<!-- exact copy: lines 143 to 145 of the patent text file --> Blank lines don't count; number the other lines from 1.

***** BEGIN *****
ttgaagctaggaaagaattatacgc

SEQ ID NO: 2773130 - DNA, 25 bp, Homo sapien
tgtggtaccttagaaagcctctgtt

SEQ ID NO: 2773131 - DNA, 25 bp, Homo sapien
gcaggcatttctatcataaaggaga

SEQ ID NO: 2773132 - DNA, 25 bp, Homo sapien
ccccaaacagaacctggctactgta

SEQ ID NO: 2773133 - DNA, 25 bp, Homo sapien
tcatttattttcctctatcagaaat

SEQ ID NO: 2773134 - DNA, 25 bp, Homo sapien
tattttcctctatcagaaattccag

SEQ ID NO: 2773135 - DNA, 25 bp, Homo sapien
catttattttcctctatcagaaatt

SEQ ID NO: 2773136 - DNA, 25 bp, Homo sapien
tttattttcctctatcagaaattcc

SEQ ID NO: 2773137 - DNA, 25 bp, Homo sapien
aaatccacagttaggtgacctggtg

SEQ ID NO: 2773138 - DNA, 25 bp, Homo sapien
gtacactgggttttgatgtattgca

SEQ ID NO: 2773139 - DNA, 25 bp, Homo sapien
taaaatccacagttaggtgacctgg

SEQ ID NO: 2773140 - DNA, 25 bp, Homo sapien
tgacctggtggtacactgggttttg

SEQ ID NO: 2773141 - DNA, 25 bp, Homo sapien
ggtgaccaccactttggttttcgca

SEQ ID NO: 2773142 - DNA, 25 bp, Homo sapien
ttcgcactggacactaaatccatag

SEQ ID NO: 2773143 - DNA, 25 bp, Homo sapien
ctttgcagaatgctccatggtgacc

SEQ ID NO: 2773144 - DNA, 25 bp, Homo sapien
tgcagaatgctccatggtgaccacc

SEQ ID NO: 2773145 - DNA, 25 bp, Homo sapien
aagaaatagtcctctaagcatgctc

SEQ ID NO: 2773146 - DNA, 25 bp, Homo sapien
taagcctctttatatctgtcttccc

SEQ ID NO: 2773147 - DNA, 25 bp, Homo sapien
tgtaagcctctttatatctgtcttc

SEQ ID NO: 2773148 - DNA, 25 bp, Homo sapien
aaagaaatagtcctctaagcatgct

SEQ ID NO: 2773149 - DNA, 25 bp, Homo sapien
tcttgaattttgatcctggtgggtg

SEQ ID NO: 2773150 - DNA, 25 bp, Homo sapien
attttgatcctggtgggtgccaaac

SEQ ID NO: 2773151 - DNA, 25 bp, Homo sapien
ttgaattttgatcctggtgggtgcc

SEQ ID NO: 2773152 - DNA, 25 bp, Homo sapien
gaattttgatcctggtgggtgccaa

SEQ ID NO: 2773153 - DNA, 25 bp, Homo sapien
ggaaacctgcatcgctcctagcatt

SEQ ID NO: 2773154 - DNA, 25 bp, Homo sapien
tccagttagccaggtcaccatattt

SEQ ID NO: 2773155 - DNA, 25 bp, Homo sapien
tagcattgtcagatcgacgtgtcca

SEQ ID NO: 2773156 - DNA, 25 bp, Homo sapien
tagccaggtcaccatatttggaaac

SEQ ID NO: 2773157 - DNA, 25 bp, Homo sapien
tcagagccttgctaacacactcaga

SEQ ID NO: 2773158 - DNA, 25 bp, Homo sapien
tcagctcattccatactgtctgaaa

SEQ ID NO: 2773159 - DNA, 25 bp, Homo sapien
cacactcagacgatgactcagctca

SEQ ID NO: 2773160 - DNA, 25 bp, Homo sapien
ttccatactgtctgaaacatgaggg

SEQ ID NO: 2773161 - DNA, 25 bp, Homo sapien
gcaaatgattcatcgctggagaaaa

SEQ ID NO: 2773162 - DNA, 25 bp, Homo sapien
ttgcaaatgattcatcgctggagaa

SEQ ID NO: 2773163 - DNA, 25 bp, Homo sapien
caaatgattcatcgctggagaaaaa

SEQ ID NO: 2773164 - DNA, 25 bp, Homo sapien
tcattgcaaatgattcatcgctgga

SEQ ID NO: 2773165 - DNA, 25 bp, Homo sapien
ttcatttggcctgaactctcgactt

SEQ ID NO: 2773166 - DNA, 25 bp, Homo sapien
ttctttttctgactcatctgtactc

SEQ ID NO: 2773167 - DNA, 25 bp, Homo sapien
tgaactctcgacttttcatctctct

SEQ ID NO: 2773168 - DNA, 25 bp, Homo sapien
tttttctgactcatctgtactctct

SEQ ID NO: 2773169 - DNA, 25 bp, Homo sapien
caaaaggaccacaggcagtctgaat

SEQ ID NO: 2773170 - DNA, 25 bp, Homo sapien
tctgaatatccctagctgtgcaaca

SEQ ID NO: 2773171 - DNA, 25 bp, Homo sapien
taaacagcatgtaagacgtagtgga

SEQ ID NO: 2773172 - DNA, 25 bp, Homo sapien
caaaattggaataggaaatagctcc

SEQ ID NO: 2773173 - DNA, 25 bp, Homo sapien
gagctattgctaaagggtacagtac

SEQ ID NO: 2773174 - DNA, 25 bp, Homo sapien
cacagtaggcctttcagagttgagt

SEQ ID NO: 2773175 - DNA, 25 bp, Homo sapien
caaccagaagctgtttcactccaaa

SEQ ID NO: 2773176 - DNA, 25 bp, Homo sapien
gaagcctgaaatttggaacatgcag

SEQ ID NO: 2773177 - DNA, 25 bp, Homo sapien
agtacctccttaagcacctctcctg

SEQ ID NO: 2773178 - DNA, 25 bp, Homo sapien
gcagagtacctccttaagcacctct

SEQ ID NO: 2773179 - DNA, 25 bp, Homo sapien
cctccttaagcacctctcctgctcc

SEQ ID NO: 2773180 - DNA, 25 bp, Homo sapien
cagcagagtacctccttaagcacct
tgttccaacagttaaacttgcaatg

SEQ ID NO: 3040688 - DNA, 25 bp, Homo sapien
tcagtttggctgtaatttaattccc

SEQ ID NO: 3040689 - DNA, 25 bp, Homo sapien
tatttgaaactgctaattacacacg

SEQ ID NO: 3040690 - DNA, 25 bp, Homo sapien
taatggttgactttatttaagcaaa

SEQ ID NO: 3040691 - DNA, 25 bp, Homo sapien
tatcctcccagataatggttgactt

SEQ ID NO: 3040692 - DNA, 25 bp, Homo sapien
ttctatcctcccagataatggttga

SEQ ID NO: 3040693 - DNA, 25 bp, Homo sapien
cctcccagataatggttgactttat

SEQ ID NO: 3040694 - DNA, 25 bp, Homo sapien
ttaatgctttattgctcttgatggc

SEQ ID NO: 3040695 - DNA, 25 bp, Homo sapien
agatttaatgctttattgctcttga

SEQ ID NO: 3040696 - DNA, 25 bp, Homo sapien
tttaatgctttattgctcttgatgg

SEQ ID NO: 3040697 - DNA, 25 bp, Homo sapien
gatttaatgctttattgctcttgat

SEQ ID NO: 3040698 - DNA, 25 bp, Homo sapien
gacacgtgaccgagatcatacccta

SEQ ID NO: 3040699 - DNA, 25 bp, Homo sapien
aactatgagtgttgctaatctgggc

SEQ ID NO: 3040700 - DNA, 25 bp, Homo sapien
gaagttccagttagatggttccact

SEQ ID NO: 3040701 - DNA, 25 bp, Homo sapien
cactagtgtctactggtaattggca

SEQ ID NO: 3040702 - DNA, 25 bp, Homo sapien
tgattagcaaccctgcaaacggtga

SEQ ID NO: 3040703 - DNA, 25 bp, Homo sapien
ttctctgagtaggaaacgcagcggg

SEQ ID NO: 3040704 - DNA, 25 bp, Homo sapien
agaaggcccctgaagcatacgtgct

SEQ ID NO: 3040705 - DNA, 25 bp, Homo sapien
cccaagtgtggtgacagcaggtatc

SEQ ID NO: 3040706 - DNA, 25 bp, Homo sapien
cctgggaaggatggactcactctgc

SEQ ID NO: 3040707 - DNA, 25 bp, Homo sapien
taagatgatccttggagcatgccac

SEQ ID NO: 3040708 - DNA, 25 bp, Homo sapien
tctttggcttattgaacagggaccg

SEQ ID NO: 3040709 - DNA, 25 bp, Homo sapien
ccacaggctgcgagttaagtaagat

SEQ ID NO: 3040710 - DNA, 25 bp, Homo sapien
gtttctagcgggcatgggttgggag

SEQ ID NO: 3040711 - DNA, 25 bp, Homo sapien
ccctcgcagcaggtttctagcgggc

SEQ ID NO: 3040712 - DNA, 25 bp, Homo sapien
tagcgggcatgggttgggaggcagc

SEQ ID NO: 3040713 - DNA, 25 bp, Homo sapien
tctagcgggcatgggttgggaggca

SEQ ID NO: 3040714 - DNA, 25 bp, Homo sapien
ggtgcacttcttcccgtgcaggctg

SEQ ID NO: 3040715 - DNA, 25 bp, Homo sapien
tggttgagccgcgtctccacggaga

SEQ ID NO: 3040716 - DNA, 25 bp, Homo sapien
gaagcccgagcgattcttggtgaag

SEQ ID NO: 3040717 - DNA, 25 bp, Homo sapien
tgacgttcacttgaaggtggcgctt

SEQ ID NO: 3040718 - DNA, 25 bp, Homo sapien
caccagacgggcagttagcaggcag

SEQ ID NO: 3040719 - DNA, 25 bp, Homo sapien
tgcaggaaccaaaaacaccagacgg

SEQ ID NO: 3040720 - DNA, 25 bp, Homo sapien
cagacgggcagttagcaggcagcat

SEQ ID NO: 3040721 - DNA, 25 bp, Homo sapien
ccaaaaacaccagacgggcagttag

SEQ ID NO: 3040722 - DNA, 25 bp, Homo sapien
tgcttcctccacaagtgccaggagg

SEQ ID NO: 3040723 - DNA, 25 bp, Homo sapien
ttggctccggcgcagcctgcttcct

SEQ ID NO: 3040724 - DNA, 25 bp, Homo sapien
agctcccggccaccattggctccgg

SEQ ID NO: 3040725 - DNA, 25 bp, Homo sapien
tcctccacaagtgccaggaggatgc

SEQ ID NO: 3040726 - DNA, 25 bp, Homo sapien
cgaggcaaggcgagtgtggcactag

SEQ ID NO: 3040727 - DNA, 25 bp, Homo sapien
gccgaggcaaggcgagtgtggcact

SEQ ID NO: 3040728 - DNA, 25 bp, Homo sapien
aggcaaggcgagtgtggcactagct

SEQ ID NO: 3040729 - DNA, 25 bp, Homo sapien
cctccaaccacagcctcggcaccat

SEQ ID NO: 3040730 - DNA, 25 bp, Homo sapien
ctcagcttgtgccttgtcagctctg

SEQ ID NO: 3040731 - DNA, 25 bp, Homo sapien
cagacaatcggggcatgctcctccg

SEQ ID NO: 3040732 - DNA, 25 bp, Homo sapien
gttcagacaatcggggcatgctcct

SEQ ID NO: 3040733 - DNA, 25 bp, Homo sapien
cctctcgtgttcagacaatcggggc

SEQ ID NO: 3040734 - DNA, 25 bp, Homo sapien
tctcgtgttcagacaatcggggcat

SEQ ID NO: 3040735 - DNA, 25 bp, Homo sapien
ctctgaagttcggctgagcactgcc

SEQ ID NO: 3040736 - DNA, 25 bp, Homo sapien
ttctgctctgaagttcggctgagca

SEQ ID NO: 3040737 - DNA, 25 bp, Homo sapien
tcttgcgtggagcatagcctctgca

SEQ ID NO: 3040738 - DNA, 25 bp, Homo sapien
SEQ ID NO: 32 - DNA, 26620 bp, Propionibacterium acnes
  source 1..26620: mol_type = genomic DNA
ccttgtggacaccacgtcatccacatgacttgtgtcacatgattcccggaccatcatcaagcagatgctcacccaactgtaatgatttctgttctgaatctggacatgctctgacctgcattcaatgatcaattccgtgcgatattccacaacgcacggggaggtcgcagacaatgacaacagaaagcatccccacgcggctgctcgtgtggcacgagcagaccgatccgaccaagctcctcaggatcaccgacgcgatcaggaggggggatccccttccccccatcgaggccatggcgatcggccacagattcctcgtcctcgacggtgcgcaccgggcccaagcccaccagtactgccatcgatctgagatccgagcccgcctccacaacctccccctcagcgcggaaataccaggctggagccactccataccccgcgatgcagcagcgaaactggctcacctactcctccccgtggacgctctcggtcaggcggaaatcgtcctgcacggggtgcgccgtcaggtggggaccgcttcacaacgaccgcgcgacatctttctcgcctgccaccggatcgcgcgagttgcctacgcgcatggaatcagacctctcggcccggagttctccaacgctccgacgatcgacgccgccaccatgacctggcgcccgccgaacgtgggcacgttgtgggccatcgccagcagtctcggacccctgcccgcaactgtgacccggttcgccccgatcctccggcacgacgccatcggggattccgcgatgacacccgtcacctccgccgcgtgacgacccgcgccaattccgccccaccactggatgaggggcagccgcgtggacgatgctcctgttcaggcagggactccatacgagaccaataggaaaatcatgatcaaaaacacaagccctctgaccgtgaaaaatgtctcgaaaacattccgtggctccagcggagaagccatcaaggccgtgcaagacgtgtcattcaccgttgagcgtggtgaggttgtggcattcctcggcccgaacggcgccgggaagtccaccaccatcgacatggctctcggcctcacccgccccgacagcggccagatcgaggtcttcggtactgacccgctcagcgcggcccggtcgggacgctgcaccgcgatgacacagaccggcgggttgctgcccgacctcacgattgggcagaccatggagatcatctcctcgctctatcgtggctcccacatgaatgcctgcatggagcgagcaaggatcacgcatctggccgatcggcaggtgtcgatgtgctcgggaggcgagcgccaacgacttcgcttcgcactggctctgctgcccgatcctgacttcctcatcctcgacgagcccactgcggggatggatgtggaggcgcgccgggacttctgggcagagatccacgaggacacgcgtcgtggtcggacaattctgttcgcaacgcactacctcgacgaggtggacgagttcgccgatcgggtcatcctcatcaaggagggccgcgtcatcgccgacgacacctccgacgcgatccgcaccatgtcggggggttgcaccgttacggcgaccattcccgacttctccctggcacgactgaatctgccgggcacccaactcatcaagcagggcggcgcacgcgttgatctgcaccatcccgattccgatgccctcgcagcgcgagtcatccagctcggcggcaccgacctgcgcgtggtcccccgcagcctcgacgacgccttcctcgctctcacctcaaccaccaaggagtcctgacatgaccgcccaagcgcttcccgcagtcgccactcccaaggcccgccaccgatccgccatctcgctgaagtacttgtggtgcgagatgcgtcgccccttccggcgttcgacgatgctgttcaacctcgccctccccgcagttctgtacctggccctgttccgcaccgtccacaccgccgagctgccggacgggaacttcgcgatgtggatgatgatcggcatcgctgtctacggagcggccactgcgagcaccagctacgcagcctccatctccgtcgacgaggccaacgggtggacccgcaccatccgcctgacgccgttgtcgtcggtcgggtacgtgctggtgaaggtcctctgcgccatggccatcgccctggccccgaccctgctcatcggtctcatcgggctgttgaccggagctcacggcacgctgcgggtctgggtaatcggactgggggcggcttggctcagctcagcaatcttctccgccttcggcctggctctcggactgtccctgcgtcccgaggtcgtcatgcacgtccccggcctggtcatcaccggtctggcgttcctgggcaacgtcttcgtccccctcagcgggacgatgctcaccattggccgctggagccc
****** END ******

SEQ ID NO: 3040707 - DNA, 25 bp, Homo sapien
taagatgatccttggagcatgccac

SEQ ID NO: 3040708 - DNA, 25 bp, Homo sapien